Expert advice on how to maintain the safety of your log home's fireplace or wood-burning stove.
With the chill of winter in the air, the thought of warming up by a crackling, toasty fire is enticing. But before lighting that match, experts advise ensuring that your fireplace or wood-burning stove is operating properly in order to maintain the safety of family members and your home.
"Any wood-burning device should be checked periodically and cleaned according to usage," says Michael Kuhn, director of field services for HouseMaster, a home inspection company that serves North America. "Whether you use a fireplace or wood-burning stove every day or once a year, proper annual maintenance will allow for years of safe and pleasurable use."
The most important consideration when it comes to fire, of course, is safety. You should conduct your own yearly inspection to ensure that your units perform properly. Before using your fireplace for the first time each season, Michael suggests checking the visible areas of the chimney for any blockages or creosote (a highly flammable, gummy deposit) build-up on the interior of chimney walls and the surface of the flue.
"Any deposit over 1/4-inch thick is a potential fire hazard and should be cleaned professionally," Michael says.
Creosote residue accumulates on relatively cool chimney linings and, when ignited, causes an extremely dangerous fire. To prevent creosote buildup, you should maintain a moderate fire hot enough to prevent a cool flue liner, but not hot enough to ignite creosote already formed.
"Burning unseasoned or green wood creates a 'cooler' fire, which increases the chance of the creosote build-up," Michael explains.
To lessen this problem, he suggests using aged, seasoned wood, which will burn hotter. Even if you don't notice creosote, the fireplace should be professionally inspected and cleaned once every year if used regularly or periodically, or if there is any hint of a problem.
"Sometimes a home owner will only inspect the chimney from inside the home," Michael says, "but, creosote can also form close to the top of the chimney, near the roof, where the colder temperature cools fireplace gases."
Since 90 percent of chimney fires are caused by creosote build-up, Michael recommends an inspection of the chimney from both ends, whether you do it yourself or hire a professional.
If you're using a gas unit inside the fireplace, either as an alternative to wood burning or as an igniter, then you should take special precautions to protect yourself from toxic gases, says Michael.
Most safety regulations require that gas-burning units be connected to a fireplace with a functional and permanently open flue to allow for the exhaust of combustion products and natural gas.
"I also advise home owners to check the unit's components for possible leaks or damage, and to make immediate replacements when necessary," Michael says.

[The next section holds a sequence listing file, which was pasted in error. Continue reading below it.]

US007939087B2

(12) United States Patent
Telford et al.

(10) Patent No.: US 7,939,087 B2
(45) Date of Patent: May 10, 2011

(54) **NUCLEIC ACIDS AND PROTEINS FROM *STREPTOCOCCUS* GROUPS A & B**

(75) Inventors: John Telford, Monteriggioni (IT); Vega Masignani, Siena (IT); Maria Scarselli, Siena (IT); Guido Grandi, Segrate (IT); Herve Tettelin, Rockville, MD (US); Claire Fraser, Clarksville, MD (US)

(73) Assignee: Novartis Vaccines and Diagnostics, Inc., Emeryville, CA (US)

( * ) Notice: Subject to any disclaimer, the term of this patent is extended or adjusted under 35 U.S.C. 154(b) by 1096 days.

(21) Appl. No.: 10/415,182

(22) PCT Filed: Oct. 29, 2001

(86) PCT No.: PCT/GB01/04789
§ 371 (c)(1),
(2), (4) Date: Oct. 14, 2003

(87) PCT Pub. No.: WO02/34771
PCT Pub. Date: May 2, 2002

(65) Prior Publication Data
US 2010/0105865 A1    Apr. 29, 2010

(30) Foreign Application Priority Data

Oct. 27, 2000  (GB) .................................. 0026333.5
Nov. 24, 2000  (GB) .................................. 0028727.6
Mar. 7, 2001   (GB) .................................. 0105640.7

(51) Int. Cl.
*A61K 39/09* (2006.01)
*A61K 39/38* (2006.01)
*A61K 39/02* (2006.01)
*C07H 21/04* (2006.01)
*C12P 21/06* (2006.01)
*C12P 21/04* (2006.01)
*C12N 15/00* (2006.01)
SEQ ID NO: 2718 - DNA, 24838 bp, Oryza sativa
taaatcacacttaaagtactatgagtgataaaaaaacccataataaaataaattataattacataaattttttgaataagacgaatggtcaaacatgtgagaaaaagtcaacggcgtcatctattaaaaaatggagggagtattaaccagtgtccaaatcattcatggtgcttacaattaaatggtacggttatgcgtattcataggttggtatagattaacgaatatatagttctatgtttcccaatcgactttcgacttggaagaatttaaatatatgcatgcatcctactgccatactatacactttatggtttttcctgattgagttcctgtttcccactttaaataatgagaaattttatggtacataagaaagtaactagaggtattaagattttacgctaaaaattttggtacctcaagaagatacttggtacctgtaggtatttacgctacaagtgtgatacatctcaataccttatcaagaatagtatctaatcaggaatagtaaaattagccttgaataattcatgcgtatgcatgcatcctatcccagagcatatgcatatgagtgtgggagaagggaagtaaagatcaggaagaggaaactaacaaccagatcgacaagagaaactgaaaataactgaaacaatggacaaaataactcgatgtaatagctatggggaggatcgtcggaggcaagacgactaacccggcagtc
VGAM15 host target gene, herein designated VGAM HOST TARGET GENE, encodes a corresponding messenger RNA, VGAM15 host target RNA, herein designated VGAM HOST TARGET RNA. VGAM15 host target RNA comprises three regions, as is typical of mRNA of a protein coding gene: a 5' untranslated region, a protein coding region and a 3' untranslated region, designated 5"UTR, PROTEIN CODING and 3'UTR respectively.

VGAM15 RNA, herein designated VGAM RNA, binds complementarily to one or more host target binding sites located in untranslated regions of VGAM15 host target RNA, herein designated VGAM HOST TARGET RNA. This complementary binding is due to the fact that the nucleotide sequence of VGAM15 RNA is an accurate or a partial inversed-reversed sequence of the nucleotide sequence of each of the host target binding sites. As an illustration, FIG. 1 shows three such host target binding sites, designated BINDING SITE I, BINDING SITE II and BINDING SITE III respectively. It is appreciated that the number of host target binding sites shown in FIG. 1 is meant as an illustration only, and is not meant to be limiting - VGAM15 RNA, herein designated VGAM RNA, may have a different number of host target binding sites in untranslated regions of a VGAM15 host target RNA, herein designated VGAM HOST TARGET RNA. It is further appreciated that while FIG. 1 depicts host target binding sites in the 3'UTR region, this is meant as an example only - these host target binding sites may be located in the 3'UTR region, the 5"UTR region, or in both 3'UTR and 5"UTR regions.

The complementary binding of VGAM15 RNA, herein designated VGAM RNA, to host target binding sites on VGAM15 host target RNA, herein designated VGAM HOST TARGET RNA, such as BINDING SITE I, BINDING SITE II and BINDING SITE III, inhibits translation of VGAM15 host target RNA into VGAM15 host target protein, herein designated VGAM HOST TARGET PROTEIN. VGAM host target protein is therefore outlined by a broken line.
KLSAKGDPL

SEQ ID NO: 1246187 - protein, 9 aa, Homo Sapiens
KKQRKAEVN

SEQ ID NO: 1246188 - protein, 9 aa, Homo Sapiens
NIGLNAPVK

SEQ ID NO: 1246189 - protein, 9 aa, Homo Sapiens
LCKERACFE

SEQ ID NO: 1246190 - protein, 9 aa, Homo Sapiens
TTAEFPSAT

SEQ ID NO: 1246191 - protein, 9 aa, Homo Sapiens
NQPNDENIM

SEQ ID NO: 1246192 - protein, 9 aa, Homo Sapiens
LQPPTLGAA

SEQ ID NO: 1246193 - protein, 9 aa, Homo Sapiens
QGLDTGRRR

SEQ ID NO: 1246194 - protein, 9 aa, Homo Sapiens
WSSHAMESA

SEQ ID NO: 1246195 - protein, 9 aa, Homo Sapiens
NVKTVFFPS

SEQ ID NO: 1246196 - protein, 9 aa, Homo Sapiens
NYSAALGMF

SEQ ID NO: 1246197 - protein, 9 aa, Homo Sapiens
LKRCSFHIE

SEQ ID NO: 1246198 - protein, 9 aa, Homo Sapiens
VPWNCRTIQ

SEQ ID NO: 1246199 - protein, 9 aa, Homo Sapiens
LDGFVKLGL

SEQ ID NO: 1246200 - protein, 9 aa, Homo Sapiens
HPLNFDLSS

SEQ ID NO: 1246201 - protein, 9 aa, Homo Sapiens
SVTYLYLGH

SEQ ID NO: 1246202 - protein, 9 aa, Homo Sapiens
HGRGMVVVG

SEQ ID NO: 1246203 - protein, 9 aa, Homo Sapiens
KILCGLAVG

Even a cursory inspection can greatly reduce the risk of future mishaps. If there is a smell of natural gas, whether the unit is on or off, you should turn off the main gas valve and immediately call a professional to determine if there is a leak.
Once you begin using your fireplace, take care to look for problems throughout the season.
"Smoke, rust or water stains are signs of inadequate venting or flue maintenance, which could indicate numerous hazardous conditions or concerns," Michael says.
Some of these may include blockage of the flue, an insufficient smoke shelf or design construction defects. If any of these problems occur, contact the installer of your fireplace or stove for additional information or to seek out the help of a professional.
"The fireplace should not be used again until the problem is alleviated," Michael warns.
Wood-burning stoves have become quite popular in recent years. Not only are they aesthetically pleasing, they can also save on heating bills. The new models of wood-burning stoves provide an efficient source of heat for the home in case of a power outage, which can be quite common in some areas during the windy, icy months of the winter.
Despite their efficiency, wood-burning stoves require the same amount of preventative safety maintenance as a fireplace.
"If problems arise with a stove that was installed by the prior home owner, you should check with local building authorities to see if the stove was installed according to local requirements," Michael advises. "If you are in the process of buying a home with a wood-burning stove, ask the seller if there is a 'certificate of inspection' for the stove."
All wood-burning units should be located far enough from combustible materials and walls to prevent a potential fire.
"Local codes vary, so you have to check with the town's building inspector," Michael says.
Even if the unit is not close to combustible walls, a masonry wall may contain wood beams within it that could ignite at high temperatures. To protect your home from this problem, you may want to install special heat shields, he says. Michael also warns that stoves should not be set directly on a wooden floor or carpet because this can create another fire hazard.
"Fireproof material must always be used on the hearth and under the unit," he stresses.
When it comes time to get your fire going, use kindling rather than magazines or newspapers. Kindling is the cleanest and most efficient fire-starting material. Some magazines and newspapers give off toxic smoke when burned due to the types of ink used in the printing process.
"Newspapers also send burning ashes up your flue that can ignite a dirty chimney or land on your roof while still aglow," Michael cautions. Never use flammable liquids, such as gasoline or lighter fluid, to start or rekindle a fire. "Using these types of materials can cause an explosion, serious burns?even death," he says. "As with any home feature," Michael says, "the key is upkeep, maintenance and the awareness that problems could exist now or develop in the future."